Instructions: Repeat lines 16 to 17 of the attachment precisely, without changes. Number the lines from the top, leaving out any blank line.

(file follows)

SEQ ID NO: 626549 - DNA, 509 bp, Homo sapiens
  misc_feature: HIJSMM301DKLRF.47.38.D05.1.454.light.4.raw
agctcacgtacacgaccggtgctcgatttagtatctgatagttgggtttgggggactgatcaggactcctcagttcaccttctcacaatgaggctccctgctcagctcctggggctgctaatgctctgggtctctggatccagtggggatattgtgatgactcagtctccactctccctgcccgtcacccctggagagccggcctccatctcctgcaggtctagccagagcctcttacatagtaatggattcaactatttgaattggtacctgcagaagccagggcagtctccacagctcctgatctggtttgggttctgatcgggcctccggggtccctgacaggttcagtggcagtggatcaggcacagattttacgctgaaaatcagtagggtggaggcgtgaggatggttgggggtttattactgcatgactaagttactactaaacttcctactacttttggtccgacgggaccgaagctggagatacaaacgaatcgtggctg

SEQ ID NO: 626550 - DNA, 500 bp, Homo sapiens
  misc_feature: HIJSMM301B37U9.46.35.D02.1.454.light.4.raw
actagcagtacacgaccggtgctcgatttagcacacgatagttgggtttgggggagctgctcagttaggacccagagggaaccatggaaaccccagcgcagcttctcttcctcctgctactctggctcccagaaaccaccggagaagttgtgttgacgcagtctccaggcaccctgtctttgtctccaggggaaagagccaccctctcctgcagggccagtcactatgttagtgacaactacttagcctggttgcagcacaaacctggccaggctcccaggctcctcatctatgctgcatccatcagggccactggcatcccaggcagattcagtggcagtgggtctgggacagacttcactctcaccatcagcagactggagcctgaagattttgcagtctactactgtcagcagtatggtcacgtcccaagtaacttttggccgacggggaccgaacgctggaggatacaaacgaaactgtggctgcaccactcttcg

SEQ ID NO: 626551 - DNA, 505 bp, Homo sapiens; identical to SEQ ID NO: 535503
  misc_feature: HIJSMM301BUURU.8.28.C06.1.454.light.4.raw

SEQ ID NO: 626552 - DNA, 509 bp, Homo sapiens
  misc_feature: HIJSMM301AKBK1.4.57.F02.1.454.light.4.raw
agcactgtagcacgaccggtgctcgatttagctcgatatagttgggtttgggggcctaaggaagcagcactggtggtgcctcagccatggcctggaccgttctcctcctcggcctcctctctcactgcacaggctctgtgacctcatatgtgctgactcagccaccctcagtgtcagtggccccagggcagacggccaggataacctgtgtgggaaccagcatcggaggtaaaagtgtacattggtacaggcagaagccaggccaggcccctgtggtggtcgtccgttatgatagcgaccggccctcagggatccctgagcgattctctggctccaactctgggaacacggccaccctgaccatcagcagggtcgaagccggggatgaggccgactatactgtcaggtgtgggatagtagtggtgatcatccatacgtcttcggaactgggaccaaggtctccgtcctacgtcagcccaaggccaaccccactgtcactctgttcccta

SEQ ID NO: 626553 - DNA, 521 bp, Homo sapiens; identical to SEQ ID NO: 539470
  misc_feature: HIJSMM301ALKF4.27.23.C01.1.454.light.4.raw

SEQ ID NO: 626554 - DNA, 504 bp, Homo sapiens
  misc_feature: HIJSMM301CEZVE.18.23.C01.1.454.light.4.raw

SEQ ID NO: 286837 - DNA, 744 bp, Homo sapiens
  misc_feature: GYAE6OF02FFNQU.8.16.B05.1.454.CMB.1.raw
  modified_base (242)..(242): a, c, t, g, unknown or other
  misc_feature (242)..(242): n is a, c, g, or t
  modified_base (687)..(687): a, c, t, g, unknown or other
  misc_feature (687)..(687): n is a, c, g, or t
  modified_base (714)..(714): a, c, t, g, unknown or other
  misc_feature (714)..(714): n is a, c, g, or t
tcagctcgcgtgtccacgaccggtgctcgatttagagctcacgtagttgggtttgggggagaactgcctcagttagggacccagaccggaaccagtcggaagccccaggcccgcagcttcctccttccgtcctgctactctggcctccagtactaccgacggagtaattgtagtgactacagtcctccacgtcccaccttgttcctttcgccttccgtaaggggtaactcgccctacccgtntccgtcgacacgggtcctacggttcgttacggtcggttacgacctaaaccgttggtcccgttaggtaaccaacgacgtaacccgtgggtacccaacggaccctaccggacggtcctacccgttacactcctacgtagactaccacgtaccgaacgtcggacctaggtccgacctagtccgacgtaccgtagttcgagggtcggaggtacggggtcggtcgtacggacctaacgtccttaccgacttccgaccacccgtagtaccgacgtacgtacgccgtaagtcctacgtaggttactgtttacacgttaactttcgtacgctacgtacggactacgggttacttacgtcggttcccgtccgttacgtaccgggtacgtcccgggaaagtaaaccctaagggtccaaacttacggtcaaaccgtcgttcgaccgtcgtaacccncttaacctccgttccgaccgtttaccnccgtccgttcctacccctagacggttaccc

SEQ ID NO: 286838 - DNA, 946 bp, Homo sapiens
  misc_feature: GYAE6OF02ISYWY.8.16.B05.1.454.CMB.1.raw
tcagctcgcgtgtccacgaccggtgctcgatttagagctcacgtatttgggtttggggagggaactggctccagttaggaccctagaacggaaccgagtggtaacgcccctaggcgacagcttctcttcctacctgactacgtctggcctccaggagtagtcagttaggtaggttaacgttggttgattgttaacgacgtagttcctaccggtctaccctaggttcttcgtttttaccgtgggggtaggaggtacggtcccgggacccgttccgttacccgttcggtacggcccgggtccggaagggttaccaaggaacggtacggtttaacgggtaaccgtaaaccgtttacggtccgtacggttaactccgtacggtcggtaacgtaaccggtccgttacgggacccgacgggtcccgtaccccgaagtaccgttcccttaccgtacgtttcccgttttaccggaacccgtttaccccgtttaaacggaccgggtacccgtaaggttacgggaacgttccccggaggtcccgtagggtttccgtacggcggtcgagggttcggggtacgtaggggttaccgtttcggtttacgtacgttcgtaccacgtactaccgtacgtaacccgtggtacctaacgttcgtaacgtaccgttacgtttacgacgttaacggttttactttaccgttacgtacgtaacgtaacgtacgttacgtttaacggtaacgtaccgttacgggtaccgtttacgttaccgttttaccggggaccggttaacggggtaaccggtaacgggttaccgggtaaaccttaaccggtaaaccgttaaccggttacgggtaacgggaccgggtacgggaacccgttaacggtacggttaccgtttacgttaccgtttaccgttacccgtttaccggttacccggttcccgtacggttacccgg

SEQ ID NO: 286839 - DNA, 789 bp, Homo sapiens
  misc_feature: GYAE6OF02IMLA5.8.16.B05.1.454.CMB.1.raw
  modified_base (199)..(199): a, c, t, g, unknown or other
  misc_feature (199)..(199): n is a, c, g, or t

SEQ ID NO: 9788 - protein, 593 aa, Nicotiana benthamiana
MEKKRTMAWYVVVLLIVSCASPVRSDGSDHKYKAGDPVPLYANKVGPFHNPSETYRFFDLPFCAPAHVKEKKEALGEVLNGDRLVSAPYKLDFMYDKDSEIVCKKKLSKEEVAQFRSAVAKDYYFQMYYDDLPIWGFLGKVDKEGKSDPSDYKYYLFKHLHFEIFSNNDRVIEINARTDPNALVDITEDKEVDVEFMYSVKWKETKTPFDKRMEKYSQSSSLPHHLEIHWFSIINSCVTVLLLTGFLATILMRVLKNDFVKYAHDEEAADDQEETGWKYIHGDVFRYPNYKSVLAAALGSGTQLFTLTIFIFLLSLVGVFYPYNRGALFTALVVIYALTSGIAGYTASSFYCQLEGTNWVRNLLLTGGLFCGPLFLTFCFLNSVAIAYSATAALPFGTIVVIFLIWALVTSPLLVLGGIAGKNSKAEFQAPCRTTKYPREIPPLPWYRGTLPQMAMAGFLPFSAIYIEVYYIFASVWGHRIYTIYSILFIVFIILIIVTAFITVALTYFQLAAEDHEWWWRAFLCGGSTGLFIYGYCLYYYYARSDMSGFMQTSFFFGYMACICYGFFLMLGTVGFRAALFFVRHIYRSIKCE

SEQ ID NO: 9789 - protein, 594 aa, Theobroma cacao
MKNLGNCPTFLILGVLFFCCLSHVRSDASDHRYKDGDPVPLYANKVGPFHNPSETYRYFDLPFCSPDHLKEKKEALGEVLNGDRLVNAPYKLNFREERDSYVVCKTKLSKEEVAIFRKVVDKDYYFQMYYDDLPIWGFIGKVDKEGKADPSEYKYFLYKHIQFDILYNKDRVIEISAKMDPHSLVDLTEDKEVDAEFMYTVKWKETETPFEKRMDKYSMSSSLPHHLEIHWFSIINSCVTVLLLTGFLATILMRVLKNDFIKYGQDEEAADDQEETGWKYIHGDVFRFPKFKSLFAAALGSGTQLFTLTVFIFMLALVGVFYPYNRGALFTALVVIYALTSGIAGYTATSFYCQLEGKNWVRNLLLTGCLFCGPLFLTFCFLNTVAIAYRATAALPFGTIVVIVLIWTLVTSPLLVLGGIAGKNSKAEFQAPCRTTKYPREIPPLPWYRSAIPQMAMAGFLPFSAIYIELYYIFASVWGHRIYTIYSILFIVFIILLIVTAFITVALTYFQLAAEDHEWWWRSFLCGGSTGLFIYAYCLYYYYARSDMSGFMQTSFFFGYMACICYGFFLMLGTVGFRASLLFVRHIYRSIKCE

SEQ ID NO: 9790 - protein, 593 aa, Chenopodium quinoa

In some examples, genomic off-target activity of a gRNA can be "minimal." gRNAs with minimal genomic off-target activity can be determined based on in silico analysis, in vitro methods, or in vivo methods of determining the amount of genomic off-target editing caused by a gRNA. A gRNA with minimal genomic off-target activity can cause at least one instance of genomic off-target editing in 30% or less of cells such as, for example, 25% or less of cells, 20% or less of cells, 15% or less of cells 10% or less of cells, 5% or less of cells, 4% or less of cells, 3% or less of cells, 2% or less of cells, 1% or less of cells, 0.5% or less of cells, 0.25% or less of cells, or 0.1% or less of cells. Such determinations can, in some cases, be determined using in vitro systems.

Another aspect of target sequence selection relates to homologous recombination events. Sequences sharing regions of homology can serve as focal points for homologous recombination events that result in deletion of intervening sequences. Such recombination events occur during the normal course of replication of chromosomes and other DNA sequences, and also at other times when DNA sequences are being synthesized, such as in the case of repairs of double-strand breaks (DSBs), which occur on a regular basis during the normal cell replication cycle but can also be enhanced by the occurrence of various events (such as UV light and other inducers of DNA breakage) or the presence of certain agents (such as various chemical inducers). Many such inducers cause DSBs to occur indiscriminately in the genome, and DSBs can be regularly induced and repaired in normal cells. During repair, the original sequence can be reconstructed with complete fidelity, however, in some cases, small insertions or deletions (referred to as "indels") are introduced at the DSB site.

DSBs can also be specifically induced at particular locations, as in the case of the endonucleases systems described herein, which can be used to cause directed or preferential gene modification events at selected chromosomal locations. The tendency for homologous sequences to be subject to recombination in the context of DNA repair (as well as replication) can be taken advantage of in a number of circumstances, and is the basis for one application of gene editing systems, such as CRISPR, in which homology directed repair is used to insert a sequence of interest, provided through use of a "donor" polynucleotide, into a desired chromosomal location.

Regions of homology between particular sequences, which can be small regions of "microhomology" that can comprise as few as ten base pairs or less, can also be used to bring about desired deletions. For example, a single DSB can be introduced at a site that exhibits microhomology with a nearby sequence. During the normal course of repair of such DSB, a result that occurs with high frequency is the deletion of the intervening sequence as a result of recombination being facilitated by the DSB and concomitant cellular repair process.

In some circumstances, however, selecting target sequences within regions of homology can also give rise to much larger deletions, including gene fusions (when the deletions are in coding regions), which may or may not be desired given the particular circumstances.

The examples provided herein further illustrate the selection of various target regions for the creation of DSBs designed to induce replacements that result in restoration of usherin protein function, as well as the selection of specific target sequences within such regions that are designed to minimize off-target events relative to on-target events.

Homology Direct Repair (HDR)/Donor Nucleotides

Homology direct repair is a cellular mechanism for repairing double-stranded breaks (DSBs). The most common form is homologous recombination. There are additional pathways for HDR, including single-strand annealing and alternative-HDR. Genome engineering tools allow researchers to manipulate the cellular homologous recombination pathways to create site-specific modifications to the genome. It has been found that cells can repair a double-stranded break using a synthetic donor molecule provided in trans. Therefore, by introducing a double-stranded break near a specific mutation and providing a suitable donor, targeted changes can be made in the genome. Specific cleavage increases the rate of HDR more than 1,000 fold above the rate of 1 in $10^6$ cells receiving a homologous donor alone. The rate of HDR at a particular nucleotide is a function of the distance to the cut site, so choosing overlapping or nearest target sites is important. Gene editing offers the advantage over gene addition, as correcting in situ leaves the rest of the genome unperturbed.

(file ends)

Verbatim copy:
SEQ ID NO: 286837 - DNA, 744 bp, Homo sapiens
  misc_feature: GYAE6OF02FFNQU.8.16.B05.1.454.CMB.1.raw